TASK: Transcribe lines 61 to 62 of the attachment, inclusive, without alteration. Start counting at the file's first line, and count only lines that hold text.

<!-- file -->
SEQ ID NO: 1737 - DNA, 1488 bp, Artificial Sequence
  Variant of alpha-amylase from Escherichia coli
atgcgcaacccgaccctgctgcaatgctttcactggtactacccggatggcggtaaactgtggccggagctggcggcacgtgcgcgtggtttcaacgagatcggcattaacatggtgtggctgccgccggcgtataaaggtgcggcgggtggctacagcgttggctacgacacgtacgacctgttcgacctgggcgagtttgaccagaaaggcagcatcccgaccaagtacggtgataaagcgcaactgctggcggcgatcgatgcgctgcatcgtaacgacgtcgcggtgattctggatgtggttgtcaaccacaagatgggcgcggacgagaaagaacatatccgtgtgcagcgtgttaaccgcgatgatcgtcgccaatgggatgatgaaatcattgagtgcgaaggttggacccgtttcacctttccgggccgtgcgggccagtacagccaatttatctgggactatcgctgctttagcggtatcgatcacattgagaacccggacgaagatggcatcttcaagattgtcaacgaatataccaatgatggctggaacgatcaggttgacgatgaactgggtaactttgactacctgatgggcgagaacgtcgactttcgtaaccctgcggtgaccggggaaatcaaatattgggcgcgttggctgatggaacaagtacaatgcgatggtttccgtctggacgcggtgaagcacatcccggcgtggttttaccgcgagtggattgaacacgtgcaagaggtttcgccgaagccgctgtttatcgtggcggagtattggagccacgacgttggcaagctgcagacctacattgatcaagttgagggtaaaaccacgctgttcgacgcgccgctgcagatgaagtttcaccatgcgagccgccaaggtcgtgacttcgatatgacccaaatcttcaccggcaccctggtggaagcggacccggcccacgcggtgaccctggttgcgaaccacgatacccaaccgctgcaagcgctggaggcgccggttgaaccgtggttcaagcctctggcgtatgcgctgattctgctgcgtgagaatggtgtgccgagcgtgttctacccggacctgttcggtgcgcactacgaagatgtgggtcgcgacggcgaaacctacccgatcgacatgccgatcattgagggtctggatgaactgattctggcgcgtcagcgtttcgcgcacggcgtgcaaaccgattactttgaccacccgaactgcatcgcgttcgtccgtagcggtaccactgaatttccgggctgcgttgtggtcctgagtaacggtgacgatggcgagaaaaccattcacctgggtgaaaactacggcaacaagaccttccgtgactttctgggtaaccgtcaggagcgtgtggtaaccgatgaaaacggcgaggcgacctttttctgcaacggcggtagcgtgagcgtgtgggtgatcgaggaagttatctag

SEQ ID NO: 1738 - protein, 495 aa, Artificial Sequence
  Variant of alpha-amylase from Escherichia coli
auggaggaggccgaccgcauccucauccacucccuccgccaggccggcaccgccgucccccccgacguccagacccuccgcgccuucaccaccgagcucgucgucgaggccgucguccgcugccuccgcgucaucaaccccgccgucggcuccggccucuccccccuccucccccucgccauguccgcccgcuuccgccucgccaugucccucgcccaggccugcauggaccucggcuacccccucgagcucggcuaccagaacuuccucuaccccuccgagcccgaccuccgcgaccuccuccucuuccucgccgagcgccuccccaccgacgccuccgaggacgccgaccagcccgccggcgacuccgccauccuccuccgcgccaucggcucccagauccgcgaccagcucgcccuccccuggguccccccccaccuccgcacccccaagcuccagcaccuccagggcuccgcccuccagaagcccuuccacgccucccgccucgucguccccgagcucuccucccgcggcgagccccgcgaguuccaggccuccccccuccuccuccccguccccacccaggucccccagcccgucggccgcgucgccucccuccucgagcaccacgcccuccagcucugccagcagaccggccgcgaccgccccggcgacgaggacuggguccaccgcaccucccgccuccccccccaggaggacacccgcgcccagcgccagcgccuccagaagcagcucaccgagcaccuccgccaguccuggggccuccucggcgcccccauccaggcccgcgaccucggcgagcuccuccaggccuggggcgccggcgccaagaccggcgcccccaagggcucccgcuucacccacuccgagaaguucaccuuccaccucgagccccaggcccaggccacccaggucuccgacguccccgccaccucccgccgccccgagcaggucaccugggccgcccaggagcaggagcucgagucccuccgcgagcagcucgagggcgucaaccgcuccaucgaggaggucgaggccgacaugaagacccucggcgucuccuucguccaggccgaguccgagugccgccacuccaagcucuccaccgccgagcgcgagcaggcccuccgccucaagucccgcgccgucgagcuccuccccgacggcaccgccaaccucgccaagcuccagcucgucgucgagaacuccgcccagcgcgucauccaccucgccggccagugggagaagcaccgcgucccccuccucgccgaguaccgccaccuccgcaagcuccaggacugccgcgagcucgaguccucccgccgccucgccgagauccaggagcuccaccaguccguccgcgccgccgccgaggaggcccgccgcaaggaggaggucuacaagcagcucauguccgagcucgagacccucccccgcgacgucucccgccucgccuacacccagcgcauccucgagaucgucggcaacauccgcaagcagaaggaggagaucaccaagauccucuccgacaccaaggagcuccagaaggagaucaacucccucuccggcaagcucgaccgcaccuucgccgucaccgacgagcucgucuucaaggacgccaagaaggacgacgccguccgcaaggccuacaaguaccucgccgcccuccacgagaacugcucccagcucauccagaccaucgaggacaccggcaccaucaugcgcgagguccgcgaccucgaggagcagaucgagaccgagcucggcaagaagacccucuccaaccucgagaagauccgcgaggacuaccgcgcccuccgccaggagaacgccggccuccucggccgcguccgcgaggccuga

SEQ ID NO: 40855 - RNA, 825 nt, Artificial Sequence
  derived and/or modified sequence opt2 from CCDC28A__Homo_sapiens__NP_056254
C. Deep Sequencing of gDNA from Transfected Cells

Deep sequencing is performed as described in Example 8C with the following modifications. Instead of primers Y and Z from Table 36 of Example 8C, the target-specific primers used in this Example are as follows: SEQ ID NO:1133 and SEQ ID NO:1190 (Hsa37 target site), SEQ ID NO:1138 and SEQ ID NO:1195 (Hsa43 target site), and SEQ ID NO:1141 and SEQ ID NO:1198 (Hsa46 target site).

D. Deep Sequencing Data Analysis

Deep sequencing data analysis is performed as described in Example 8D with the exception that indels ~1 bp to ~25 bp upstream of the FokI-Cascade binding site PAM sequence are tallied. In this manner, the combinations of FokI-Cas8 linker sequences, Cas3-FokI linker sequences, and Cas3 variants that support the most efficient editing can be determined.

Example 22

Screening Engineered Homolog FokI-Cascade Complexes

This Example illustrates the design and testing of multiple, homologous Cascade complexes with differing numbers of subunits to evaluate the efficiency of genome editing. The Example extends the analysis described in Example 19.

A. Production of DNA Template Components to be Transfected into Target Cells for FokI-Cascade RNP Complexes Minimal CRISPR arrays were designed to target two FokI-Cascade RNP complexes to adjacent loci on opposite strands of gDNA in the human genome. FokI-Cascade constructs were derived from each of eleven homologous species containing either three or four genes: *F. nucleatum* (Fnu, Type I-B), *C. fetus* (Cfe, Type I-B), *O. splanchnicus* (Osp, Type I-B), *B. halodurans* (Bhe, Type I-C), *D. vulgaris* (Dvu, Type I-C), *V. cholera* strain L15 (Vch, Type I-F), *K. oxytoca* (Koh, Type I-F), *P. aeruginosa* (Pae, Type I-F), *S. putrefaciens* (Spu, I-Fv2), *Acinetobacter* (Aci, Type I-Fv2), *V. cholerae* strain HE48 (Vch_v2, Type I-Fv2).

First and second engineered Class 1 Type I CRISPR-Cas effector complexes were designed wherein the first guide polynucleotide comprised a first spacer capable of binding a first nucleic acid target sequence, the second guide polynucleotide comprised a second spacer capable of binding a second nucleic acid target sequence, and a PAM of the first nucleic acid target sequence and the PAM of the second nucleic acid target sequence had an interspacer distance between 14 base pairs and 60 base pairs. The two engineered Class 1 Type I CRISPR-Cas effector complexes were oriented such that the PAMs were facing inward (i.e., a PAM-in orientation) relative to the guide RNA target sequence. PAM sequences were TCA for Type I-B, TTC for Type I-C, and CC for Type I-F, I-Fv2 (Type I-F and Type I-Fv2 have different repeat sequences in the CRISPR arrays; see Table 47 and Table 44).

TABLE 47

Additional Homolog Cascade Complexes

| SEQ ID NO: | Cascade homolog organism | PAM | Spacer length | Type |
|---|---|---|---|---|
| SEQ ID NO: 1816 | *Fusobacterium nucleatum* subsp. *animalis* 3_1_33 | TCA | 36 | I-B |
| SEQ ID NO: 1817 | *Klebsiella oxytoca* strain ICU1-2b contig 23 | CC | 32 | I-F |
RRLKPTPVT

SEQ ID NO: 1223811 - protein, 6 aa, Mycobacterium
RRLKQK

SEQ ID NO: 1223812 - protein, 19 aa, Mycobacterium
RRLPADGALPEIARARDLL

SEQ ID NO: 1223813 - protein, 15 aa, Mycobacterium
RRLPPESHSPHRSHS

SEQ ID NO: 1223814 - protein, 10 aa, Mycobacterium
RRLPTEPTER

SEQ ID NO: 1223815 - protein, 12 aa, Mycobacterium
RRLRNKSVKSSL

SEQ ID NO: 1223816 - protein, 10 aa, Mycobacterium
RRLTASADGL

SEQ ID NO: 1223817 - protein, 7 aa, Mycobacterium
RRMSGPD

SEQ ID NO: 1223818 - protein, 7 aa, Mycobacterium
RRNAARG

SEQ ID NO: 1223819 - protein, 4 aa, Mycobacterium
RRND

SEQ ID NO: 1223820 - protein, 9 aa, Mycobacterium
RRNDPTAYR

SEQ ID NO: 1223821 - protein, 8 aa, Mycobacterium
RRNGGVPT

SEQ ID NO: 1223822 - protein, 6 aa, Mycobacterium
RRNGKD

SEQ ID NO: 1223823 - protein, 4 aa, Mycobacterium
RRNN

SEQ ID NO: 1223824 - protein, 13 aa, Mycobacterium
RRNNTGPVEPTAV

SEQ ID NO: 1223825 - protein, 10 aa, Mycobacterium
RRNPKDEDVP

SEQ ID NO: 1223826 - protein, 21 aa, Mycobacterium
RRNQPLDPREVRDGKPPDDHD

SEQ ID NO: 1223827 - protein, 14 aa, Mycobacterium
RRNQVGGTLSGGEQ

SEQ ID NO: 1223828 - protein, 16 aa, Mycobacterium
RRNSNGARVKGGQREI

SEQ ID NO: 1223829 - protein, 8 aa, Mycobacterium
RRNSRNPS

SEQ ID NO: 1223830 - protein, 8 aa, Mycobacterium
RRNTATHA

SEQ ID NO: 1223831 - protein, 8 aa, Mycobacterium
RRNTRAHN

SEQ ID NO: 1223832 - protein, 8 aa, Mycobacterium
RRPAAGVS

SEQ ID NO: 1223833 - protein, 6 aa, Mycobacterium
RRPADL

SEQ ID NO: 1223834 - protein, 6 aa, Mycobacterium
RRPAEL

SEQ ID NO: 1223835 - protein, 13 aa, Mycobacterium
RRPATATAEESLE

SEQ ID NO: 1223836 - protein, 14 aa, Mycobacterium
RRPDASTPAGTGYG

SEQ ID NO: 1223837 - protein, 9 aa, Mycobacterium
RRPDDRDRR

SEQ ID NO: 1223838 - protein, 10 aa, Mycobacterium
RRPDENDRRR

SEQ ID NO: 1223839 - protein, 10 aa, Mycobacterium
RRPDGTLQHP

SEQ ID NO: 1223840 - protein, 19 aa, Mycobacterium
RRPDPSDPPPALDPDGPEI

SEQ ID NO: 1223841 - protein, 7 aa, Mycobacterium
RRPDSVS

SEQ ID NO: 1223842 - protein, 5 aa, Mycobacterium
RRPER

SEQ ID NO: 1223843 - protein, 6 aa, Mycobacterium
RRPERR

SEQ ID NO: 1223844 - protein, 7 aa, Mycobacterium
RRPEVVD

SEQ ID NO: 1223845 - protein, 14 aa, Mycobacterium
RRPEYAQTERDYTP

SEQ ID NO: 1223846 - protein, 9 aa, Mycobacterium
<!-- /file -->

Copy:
SEQ ID NO: 1223829 - protein, 8 aa, Mycobacterium
RRNSRNPS